2,4-D-tolerant Canadian corn, soy a few years away

A new 2,4-D- and glyphosate-tolerant crop trait system that’s expected to be available in 2013 for U.S. growers is expected to be launched in Canada “in the next few years.”

Seed and ag chem firm Dow AgroSciences on Wednesday announced “pending” U.S. regulatory approvals for the components of what it’s dubbed the Enlist Weed Control System, starting with corn varieties.

The company bills Enlist as a “new herbicide-tolerant trait system that will provide robust tolerance to an innovative 2,4-D product, in addition to glyphosate.”

The system’s commercial launch in the U.S. is “anticipated in corn for the 2013 crop year with other crops to follow,” Dow Agro said.

The company’s Canadian arm in Calgary said it anticipates bringing the system to Canadian corn and soybean growers “as soon as we receive regulatory approvals for Canada,” spokesperson Brian de Kock said in an email. “We expect to launch this technology in Canada in the next few years.”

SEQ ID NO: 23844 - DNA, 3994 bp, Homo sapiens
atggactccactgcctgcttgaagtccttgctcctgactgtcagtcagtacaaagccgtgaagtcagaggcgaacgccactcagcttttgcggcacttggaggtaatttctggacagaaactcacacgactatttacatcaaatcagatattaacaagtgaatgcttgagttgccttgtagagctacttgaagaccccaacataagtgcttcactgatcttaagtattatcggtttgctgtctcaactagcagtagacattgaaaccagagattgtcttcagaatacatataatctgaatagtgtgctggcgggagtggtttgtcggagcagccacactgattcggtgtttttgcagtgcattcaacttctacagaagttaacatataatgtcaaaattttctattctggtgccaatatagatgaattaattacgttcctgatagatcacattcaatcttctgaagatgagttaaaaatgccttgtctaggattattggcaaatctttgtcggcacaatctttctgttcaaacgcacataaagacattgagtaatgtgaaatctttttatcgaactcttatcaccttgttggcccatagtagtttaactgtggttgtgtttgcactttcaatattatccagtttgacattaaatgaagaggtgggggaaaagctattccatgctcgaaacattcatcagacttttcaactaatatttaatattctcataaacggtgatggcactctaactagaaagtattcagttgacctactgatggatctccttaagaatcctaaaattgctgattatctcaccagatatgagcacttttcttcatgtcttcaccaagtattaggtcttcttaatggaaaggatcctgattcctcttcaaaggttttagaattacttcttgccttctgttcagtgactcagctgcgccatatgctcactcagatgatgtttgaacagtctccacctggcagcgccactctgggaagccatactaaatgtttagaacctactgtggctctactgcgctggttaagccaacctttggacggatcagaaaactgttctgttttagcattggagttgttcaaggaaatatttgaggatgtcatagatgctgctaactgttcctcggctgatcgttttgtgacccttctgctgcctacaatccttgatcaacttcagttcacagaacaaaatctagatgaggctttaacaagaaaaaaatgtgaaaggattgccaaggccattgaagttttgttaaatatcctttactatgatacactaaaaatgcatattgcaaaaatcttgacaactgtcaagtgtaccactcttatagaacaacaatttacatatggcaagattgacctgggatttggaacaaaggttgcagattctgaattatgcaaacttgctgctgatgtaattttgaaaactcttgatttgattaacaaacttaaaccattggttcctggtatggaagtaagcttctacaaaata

The Enlist system “will enable broad-spectrum control against tough weeds and a wide window for over-the-top application that aligns with the current glyphosate window,” the Indianapolis company said in its release.

The system “will partner with and improve upon the glyphosate-tolerant cropping system,” the company said, referring to Monsanto’s Roundup Ready trait systems.

“Growers have long embraced herbicide tolerant trait technology into their farming practices because of the ease of use and performance, but as of recently, present technology has had its challenges,” Damon Palmer, Dow Agro’s U.S. commercial leader for the Enlist system, said in the company’s release.

Enlist germplasm will be stacked with a glyphosate-tolerant trait as well as insect-resistant traits, Palmer said.

“Losing their fields”

“Weeds have adapted, becoming even more difficult to control, resulting in a decline of herbicide performance and increased resistance in important global agricultural markets,” Dow Agro said. For this project, “input from growers was incorporated early into the research and development.”

“Enlist, a name which farmers told us means commitment, is our weed control system to advance modern farming,” Dow Agro CEO Antonio Galindez said in the company’s release.

On a promotional website for the Enlist system, Dow Agro quoted Malcolm Haigwood, a farmer at Newport, Ark., about 135 km northeast of Little Rock, as saying growers are facing tough questions about the spread of weeds.

“Farmers my dad’s age just want to put on more glyphosate, but I see them losing their fields. Guys my son’s age have only farmed with the glyphosate-tolerant system. He’s asked me, ‘Dad, what do we do?'”

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